Excellent work narrowing down your rangefinder options to the Nikon Coolshot 20 and the Nikon Coolshot 40. In today’s world of golf, there are so many fantastic rangefinder options to choose from, but Nikon really puts out a quality product.
There are some critical differences between these two models that are important to consider before making your final decision. In this review, we will discuss in length the pros and cons to both the Nikon Coolshot 20 and the Nikon Coolshot 40 Rangefinders.
The combination of Nikon’s features and fair pricing make them a front-runner in the golf rangefinder game.
Nikon Coolshot 20 vs 40
When choosing a rangefinder, some essential things need to be considered.
Neither of these Nikon models have the slope function. This can be a turn off to some, but since it can’t be used in tournaments, you really won’t be at a loss when it comes to game day.
Related read: Do I need a golf rangefinder with slope?
The Nikon Coolshot 20 can give you yardage up to 550 yards, the 40 takes it to 650. Yes, this is a difference in 100 yards, the question is, how often do you need a yardage 650 yards away.
Both Nikon Coolshot rangefinders are considered to be compact type rangefinders. They are small enough to be put in your pocket when playing, and it’s comfortable to hold in the palm of your hand.
First Target Priority
Both the Nikon Coolshot 20 and the 40 come with what is called first target priority. This is to help golfers know that they have zeroed in on the correct target. When looking at a green surrounded by trees or a clubhouse, it can be challenging to see if you have the exact yardage to the pin.
Both the Nikon Coolshot 20 and Nikon Coolshot 40 have an eight-second scan mode, but the Nikon 40 does have a slight advantage. It has a feature called Hyper Read that will help to pick up the yardage a bit quicker than the Coolshot 20. If you were using your 20 for years and some reason tried the 40, you would likely notice the difference. Is the 40 so fast that it genuinely outshines the 20, not really.
As far as golf rangefinders go, both of these units are moderately priced. The Nikon 40 generally retails for about $100 or so more than the Nikon 40. That difference is price is due to the extra hyper read feature. The Nikon 40 is also shaped slightly differently to better fit in the palm of a player’s hand.
Another critical factor to consider is accuracy. If a rangefinder is not accurate, you may as well be pacing off your yardage to the nearest sprinkler head. The good news with both of these Nikon Coolshot models is that they are accurate to within one yard. Even with this being a lower-priced unit, most high-end range finders make the same claim that they are correct within that 1-yard range. Great value on these models when it comes to accuracy.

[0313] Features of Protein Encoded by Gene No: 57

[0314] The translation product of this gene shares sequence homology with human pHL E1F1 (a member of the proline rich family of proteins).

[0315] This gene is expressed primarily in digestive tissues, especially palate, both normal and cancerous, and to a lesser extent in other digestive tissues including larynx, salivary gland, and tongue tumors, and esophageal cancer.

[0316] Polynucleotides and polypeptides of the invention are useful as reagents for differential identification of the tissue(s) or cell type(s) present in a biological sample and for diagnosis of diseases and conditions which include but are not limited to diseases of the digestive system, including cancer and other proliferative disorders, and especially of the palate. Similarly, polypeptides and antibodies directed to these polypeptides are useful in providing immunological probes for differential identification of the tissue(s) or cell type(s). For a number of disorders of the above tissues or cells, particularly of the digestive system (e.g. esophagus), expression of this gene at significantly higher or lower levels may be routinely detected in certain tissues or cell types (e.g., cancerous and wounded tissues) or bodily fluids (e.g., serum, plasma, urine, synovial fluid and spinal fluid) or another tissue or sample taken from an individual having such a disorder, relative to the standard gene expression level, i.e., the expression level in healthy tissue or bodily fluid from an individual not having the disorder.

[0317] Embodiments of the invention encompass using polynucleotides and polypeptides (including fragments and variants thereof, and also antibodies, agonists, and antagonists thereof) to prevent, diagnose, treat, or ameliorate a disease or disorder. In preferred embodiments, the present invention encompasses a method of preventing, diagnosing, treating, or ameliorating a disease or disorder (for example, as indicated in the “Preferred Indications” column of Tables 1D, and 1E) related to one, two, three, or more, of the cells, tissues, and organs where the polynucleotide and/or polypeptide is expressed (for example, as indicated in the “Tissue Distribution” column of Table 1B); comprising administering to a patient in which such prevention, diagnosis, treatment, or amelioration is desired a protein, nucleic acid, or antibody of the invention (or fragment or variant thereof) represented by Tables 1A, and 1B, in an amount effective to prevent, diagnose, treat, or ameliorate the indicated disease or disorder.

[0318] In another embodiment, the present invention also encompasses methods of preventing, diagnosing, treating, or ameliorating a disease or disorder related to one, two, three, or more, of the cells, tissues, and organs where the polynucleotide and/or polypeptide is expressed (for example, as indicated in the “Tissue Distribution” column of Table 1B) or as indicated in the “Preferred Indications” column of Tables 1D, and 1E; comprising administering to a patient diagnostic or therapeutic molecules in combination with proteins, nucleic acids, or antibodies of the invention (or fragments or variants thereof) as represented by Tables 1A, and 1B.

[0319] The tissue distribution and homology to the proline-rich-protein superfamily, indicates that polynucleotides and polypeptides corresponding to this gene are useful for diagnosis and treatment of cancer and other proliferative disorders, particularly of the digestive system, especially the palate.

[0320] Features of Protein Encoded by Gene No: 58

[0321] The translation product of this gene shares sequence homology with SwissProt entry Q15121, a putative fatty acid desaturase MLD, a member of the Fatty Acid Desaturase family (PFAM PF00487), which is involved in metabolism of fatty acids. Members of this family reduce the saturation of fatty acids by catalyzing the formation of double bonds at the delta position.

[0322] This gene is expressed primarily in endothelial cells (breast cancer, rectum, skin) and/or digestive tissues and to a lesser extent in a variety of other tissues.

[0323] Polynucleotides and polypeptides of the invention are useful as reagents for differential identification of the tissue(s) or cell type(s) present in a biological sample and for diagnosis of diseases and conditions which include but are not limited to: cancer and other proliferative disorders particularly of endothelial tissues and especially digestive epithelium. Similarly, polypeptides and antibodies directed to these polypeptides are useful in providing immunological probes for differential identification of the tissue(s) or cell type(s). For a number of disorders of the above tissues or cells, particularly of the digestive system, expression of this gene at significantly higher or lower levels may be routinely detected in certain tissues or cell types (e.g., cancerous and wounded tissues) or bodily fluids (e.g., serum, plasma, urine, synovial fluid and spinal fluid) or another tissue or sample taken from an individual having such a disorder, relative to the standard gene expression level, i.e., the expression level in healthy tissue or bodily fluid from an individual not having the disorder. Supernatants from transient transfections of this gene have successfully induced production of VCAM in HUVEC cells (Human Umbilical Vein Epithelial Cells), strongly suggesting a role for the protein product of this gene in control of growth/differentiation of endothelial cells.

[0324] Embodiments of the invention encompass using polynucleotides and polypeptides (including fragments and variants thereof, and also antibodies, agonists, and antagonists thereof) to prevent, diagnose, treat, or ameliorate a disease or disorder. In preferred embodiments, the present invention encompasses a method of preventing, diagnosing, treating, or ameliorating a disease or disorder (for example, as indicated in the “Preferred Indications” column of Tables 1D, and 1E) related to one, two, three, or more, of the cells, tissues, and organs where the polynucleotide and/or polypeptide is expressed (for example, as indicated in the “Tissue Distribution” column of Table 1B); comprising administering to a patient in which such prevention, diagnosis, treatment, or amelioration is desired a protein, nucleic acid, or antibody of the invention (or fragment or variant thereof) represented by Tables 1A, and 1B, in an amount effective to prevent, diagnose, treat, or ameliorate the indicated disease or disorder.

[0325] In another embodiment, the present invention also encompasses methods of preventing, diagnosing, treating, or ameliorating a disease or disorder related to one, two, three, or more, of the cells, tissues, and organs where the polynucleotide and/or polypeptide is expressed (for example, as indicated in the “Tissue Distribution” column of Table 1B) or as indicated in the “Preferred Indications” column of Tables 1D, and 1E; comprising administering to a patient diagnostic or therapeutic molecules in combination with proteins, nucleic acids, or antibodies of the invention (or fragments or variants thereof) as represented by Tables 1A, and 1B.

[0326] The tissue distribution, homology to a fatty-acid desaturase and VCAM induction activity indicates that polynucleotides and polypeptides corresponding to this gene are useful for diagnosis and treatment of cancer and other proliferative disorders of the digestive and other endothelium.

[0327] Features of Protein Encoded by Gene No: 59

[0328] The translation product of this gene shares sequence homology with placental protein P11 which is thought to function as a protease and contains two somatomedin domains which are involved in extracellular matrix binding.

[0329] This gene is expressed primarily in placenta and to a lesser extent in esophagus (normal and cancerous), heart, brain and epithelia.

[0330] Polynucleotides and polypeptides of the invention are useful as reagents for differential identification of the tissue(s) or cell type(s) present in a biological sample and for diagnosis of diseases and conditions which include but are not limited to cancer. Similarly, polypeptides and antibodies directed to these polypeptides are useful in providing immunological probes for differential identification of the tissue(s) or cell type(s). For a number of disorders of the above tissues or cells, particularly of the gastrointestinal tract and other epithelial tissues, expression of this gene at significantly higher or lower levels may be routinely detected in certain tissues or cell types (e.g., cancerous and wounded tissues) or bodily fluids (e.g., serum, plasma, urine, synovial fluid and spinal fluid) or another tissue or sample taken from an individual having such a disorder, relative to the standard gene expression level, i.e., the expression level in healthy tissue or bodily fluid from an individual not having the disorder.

Anytime you purchase a rangefinder, it is essential to do some research on a warranty. There are some very inexpensive models out there that will claim they are capable of many things, but they barely hold up for a season. With a Nikon, not only are you getting a high quality rangefinder, but you have a two-year warranty and a reliable and reputable company standing behind the product. This is worth considering.
|Nikon Coolshot 20||Nikon Coolshot 40|
|Yardage||550 Yards||650 Yards
|Accuracy||Within 1 Yard||Within 1 Yard|
|Scanning||8 Second Scan Mode||8 Second Scan Mode with Hyper Read|
|Weight||4.4 oz.||5.2 oz.
|Warranty||2 years||2 years|
Based on all of the information we provided, maybe you already know which rangefinder we would choose if it came down to the Nikon 20 vs. Nikon 40. It seems like the Nikon 20 has everything that you could need in a non-slope rangefinder for an incredibly reasonable price.
If for some reason, the Nikon 40 had a slope mode that could be turned on and off, we would see it being a much better investment. The scanning mode on the Nikon 40 is indeed faster than the Nikon 20; the question is if it is quick enough to justify a $100 difference in price. If you are someone that sees this being worth it, then, by all means, go with the Nikon 40.
Regardless of which model you choose, you won’t be disappointed by a Nikon rangefinder. Considering the value and the features, this is a model that will keep you from rangefinder shopping for quite some time.